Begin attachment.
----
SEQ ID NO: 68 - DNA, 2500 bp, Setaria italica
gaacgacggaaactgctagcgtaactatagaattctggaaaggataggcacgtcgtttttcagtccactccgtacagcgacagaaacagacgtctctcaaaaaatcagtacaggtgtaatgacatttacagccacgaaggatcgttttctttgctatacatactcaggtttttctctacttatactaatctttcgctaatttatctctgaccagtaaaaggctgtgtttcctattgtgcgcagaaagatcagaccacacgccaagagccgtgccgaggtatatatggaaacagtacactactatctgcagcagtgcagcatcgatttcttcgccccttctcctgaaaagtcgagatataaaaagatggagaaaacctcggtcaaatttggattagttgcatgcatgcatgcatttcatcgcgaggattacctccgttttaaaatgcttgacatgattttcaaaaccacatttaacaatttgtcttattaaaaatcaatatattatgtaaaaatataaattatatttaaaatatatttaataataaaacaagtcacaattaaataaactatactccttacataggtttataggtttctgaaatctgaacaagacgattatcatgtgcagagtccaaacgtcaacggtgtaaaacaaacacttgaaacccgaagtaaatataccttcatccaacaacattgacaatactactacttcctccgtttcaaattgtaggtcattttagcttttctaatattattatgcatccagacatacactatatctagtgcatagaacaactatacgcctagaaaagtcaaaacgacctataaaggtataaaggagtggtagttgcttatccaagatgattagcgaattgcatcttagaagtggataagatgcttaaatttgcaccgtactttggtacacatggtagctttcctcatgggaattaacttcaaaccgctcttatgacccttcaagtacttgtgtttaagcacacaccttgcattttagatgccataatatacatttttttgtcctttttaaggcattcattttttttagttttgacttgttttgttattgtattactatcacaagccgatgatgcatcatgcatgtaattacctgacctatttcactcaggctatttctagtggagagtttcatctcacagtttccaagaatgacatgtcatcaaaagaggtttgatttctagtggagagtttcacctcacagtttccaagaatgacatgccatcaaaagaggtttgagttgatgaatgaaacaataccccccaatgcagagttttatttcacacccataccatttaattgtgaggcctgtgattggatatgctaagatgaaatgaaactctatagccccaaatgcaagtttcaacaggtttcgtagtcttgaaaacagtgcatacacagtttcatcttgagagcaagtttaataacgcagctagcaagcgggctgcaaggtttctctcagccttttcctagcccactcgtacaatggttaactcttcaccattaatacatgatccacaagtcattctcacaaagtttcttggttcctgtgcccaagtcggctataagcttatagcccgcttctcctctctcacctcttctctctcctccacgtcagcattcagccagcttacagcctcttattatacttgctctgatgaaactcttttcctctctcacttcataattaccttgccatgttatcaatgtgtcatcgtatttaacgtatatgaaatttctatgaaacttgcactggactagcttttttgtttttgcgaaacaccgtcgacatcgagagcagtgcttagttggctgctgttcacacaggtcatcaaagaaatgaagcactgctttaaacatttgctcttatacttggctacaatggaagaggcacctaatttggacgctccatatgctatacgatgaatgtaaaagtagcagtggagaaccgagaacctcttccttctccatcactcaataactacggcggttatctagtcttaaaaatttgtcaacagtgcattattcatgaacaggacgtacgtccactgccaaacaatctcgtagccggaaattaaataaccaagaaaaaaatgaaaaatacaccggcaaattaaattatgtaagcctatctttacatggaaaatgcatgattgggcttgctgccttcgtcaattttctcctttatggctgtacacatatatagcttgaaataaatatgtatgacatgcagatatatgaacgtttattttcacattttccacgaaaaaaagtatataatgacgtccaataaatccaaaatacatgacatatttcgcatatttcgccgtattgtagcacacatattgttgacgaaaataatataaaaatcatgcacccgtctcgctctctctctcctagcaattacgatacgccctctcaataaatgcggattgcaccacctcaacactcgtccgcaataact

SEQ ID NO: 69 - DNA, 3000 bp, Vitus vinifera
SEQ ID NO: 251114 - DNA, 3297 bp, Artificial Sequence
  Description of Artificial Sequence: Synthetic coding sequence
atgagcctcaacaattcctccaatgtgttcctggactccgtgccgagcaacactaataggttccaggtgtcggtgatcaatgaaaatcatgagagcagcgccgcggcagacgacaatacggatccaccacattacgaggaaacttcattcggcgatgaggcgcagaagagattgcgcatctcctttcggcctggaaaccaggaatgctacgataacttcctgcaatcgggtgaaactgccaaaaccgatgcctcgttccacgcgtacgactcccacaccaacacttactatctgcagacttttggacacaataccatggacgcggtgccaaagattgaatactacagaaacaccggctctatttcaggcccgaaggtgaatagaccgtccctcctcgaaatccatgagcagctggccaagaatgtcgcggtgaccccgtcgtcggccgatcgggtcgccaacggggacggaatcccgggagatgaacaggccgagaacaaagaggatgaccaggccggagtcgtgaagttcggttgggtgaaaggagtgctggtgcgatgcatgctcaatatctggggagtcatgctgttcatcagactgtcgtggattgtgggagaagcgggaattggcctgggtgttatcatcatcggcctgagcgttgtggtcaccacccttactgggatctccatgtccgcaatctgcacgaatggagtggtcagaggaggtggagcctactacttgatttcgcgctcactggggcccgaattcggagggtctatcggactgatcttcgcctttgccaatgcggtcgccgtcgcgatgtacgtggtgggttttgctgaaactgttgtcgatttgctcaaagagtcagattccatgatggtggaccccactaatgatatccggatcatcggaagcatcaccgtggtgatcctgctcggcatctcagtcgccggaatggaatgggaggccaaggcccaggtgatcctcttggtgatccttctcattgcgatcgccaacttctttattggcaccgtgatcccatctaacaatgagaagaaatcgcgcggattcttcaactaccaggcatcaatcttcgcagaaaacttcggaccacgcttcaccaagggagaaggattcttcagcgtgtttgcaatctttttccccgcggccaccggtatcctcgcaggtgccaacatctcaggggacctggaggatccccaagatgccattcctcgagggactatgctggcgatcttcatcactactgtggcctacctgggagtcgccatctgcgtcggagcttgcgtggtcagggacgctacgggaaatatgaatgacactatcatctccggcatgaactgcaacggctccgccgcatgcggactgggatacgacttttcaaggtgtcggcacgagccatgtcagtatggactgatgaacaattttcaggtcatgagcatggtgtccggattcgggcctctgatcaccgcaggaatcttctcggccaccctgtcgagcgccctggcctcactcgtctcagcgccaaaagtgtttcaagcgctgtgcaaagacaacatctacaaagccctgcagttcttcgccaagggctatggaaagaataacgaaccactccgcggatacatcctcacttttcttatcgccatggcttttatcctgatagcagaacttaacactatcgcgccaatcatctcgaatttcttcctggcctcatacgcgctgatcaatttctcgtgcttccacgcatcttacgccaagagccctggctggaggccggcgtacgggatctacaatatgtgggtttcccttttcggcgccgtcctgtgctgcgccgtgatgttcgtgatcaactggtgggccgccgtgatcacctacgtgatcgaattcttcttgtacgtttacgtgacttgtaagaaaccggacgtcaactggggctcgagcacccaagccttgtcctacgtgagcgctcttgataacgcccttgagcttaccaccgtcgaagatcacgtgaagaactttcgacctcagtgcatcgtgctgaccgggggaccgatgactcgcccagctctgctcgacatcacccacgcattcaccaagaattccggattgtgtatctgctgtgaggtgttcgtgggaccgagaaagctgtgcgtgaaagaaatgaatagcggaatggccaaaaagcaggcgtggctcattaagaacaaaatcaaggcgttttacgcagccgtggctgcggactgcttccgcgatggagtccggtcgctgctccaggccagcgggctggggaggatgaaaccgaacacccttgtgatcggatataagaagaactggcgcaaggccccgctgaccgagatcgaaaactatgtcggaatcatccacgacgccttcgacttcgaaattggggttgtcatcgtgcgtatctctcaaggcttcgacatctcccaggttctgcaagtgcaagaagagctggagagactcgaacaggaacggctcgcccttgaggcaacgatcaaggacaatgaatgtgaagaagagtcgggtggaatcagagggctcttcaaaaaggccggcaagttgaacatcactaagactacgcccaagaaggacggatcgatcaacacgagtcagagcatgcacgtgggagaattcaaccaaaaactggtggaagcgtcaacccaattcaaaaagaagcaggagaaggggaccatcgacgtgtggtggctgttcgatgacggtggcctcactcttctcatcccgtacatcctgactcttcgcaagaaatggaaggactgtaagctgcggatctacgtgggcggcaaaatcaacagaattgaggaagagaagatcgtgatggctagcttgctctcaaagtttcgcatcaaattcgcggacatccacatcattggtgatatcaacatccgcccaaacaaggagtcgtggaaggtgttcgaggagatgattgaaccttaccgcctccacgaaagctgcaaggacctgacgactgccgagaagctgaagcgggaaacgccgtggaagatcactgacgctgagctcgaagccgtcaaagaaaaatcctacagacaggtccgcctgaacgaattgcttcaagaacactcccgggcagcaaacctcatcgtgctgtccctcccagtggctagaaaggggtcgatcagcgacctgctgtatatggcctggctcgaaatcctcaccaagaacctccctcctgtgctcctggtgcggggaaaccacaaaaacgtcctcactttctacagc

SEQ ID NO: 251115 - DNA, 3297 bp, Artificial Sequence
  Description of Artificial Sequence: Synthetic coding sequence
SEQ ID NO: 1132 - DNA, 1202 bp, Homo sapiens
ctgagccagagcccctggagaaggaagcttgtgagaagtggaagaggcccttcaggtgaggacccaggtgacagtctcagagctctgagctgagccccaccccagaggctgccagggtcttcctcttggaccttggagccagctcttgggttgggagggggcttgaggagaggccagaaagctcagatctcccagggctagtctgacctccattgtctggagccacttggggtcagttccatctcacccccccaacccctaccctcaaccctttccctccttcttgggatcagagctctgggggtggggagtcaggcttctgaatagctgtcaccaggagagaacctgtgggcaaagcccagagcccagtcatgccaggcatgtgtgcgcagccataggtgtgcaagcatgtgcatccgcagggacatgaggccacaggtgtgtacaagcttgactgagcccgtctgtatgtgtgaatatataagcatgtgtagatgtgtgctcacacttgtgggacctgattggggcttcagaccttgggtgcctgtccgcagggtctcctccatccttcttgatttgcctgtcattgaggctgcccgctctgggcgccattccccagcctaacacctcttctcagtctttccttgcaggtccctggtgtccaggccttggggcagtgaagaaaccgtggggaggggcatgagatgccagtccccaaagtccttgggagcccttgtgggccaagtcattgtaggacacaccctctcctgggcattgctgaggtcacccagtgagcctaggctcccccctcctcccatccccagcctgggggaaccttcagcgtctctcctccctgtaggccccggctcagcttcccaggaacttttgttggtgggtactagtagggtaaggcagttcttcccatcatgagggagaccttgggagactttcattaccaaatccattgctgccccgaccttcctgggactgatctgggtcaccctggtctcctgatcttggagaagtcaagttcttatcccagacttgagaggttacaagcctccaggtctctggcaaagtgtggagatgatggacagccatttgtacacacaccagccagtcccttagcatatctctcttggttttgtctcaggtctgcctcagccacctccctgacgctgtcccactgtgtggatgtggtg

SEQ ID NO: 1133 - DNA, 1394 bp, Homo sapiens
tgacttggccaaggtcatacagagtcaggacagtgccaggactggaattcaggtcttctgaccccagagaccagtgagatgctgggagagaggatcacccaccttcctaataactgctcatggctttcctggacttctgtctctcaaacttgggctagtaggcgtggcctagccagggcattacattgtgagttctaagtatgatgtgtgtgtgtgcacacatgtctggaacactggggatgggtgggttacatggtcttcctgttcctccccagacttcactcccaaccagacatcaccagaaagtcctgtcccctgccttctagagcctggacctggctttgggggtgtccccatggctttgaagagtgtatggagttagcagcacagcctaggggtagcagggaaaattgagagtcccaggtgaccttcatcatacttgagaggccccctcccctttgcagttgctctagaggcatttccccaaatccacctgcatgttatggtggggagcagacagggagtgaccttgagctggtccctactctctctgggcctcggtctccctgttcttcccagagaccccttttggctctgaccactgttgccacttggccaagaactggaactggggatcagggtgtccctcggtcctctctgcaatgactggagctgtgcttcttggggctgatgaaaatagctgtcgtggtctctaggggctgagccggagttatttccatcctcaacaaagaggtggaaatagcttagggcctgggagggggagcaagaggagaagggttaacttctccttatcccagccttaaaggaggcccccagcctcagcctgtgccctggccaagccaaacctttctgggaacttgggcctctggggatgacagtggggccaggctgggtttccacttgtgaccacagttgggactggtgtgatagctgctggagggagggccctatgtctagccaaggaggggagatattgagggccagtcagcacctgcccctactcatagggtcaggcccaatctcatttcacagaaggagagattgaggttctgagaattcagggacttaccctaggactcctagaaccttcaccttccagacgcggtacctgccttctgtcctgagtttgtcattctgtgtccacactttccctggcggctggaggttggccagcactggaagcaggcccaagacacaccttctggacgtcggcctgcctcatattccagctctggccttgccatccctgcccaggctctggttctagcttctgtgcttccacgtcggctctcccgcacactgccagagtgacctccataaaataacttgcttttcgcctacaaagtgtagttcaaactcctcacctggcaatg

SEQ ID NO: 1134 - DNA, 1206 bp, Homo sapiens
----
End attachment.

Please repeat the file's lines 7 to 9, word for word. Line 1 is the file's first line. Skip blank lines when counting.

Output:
SEQ ID NO: 251115 - DNA, 3297 bp, Artificial Sequence
  Description of Artificial Sequence: Synthetic coding sequence
SEQ ID NO: 1132 - DNA, 1202 bp, Homo sapiens